Why Performance Reporting is NOT Performance Management! – Part 3
We’ve enlisted the help of Jim Hacker from that well-loved series “Yes, Minister“, along with his trusty Principal Private Secretary Bernard Wooley to make a point for us this week:
Hacker: “Why can’t Ministers go anywhere without their briefs?”
Bernard: “It’s in case they get caught with their trousers down!”
And this is the problem with performance Reporting! Let’s look at a real example.
Rather than Police this week, we’ll look at a global pharmaceutical company delivering product to customers where they’ve committed to deliver to an agreed Service Level from order to delivery of 126 days at most.
Week on week reporting:
07/01/2013: 150 days: “Well, it was the first week back after New Year, what do you expect?”
14/01/2013: 106 days: “Well done!”
21/01/2013: 124 days: “Keep it up!”
28/01/2013: 117 days: “Your January bonus is secure”
11/02/2013: 131 days: “Not good enough, we’ll be caught with our trousers down and end up paying penalties if we don’t improve!”
18/02/2013: 114 days: “Great – back on track”
25/02/2013: 175 days: “What the *%!^?”
And so on…
Now if they’d been a bit more savvy, and were doing proper Performance Management rather than Performance Reporting, they’d be using a chart like the one below, where they could see that the average (green line) over time is just below 150 days. So this is not about what happened in week 11/02/2013 nor in week 25/02/2013 – the whole delivery process is failing to perform according to contract (represented by the longer dashed black line – 126 days). So they need to work on improving the whole process, not on what happened any one week. Although, by the way, there was a spectacular failure in the week of 16/09/2013 when the orders took over 300 days! This tells us also about what will happen in 2014 – they will continue to deliver on average at just under 150 days, but could take as long as 230 days (upper red performance guideline) or as little as 70 days (lower red performance guideline) unless there is a significant change to the process.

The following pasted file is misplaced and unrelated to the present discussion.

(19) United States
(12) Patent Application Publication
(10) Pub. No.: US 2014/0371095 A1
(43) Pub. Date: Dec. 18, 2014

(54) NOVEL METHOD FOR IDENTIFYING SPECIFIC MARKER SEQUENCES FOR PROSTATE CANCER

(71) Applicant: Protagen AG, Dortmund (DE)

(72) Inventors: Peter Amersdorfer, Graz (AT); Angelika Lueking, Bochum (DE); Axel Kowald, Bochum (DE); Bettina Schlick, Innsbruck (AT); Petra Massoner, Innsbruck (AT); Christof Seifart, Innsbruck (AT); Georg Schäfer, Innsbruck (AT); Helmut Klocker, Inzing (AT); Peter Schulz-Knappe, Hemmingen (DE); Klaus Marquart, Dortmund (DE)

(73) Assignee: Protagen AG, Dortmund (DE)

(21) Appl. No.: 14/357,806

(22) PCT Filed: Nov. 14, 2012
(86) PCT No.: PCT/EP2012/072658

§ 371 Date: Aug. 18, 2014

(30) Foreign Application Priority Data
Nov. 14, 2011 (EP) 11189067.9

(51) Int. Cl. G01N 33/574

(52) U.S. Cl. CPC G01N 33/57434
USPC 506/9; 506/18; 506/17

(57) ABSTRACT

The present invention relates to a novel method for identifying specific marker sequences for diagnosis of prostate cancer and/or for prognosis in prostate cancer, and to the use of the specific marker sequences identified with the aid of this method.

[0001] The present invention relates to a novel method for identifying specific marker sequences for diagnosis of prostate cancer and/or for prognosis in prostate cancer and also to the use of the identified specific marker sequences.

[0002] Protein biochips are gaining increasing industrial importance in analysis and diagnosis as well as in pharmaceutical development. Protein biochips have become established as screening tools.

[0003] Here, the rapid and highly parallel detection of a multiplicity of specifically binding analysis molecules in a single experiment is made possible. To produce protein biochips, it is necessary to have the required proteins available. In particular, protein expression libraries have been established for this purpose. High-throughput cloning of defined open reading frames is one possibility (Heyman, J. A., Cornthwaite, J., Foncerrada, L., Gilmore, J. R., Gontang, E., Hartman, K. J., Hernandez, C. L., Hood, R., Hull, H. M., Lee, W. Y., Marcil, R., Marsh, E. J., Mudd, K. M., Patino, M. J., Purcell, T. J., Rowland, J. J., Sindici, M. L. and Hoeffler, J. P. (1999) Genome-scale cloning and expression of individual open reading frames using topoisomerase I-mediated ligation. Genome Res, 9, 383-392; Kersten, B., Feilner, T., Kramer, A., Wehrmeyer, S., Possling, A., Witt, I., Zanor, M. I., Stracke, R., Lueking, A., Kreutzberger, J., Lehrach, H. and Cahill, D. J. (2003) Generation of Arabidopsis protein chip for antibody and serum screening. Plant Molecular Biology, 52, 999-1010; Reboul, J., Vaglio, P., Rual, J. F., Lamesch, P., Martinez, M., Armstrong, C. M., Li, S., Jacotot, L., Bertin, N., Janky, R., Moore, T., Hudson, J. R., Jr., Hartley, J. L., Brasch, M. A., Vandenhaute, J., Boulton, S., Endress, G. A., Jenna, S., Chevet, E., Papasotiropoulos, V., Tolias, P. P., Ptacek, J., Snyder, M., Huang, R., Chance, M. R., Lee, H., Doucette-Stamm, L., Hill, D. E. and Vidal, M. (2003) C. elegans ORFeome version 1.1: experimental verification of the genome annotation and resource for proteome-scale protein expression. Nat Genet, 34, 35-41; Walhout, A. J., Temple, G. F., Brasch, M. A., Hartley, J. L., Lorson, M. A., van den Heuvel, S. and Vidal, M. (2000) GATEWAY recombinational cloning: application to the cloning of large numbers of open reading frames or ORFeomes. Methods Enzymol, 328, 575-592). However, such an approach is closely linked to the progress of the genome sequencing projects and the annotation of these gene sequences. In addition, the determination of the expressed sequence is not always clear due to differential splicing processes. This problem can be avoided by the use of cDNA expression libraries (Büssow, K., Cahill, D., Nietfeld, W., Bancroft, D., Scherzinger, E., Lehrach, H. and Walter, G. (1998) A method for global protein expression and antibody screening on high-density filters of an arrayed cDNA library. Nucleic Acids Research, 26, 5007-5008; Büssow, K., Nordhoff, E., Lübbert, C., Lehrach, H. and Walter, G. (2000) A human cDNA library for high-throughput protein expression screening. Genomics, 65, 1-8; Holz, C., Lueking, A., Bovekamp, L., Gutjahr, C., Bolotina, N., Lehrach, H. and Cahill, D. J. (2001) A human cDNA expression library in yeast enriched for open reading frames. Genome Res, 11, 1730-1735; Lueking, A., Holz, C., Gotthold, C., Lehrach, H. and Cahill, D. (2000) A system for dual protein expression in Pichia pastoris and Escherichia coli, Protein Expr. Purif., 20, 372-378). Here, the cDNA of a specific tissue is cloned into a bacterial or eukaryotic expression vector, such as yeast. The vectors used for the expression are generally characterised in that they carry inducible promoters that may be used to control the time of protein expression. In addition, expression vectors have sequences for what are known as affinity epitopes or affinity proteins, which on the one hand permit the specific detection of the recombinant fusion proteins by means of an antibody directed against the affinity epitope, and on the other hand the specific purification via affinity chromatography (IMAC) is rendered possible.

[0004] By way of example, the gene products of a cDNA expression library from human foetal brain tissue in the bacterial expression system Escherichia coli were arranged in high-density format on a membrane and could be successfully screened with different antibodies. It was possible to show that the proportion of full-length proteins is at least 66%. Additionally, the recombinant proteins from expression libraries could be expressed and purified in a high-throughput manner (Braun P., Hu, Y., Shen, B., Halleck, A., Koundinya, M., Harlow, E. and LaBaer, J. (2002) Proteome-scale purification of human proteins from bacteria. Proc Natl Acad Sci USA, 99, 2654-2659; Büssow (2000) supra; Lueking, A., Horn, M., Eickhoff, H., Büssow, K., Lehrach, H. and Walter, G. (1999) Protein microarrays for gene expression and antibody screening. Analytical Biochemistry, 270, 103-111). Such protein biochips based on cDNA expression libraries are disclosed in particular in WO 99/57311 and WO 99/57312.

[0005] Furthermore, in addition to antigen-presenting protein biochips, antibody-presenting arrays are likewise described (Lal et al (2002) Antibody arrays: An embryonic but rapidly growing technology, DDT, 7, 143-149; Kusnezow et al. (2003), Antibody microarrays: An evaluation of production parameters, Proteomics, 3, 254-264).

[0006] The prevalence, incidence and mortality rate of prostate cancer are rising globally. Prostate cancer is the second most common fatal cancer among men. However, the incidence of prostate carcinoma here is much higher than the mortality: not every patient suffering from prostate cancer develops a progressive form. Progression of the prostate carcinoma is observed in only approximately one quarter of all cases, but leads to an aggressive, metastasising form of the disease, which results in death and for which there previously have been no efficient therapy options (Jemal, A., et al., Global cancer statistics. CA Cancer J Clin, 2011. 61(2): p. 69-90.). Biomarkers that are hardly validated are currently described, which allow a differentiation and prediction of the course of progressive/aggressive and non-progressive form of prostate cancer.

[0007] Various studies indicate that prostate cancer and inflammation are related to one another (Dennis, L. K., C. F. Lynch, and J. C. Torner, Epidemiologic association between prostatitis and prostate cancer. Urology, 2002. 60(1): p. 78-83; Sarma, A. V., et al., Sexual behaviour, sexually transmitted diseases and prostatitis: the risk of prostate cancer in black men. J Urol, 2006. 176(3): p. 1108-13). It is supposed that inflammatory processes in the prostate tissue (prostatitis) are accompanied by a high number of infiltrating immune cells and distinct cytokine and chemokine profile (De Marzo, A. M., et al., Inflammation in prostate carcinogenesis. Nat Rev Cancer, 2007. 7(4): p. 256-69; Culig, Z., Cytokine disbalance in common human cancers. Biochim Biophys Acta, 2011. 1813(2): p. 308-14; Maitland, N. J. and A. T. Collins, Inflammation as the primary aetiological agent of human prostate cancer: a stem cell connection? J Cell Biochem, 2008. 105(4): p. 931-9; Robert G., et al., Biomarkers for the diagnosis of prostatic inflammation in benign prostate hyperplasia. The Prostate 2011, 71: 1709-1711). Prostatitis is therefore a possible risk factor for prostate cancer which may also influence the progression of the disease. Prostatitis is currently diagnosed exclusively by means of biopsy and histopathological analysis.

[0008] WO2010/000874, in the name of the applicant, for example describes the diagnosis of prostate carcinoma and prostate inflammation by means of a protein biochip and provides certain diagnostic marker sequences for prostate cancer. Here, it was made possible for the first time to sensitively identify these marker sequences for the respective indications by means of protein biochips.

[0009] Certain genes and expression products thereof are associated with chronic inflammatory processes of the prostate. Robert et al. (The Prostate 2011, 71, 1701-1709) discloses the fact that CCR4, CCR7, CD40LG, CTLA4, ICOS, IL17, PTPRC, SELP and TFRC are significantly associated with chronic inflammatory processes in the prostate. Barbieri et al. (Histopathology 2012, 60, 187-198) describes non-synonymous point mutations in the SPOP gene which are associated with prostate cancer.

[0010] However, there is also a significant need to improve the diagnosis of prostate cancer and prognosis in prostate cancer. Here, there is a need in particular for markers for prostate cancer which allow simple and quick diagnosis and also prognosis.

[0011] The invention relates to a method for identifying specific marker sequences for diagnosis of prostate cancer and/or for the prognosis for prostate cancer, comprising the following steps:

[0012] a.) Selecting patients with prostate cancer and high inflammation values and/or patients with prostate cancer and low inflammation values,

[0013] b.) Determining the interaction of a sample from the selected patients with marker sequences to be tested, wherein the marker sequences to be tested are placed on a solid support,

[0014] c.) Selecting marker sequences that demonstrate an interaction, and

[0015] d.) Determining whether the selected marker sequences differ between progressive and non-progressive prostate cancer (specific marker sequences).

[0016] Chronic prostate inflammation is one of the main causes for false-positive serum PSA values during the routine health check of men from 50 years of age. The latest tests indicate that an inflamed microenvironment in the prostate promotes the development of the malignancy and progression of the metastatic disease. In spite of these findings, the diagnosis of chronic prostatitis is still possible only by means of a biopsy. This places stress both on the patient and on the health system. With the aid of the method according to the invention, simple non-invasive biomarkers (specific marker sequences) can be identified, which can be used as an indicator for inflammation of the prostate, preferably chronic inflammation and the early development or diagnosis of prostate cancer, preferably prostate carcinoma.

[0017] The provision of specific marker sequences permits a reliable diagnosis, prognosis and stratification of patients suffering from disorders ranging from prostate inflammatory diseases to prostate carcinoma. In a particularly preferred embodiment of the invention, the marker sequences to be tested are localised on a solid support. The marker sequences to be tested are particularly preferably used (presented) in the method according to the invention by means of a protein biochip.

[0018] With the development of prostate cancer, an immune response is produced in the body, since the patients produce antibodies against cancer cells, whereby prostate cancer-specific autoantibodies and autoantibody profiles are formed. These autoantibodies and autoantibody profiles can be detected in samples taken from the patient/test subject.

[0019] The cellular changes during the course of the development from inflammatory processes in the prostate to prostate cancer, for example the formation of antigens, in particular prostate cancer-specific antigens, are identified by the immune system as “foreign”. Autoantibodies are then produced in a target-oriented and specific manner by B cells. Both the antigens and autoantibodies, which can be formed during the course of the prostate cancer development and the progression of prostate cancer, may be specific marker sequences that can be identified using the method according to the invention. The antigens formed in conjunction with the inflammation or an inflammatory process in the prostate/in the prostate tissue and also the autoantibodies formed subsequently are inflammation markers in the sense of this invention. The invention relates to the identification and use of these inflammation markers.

Last time we introduced the idea that Performance Reporting is not Performance Management and started to examine 3 aspects of this little conundrum:
- How can we better understand what has happened in the past (in order to take more appropriate action going forward)
- What can we say about what is likely to happen going forward (with/without any intervention)
- What are the fundamental differences between Performance Reporting and Performance Management
We’ve looked at the first 2 bullets; we’ll now start to address the third – What are the fundamental differences between Performance Reporting and Performance Management.
We’ll start with any business process – it could be Police incident response, Ambulance response, Delivery of pharmaceuticals, Maintaining the rail network…
There is some level of Demand coming in, the Demand is processed through a number (in this case 4) transformative (or value-add) stages consuming resources (PMMME = People, Material, Methods, Machines, Environment) and delivers an Outcome for the Customer which the Customer will evaluate according to Requirements. Typical IT solutions that implement these processes offer some form of reporting and so-called analytic capability by extracting usually a limited set of data from the IT system and producing reports. Sometimes IT will provide an “Analytics Tool”.
The problem is many-fold, in the “Management 1.0” approach. For example, there is no feed-forward into managing or improving the Business Process. Usually there is lots of animation and shouting/bullying/rewarding/gaming etc. Furthermore, the Data Collection Process (top left) isn’t seen as a process, it’s usually seen as “what can IT provide?”. Many times, the data is just a jumble from the activities in the Business Process, and it’s up to the so-called “Analysts” to sort it out. Hence, we see largely in every organisation Analysts are actually data collectors / manipulators / presenters. They do very little value-add Analysis and Recommendation on what to act on for improvement. If there was a Data Collection Process constituted correctly, it should provide structured data, and a Sanity Check would ensure it was broadly useful (and feed-back as appropriate). A Sanity Check does NOT mean “all data must be cleansed”. Just enough (usually more than 50%) needs to be good enough (again invoking Black Box Thinking – Matthew Syed).
So this is the usual Performance Reporting – disjoint from the Business Process, no feed-back into the Data Collection process and no feed-forward to Business Process Improvement, with Analysis spending most of its time in data manipulation. Sound familiar?
Next time, we’ll look at what might be regarded as something a bit more value-add…
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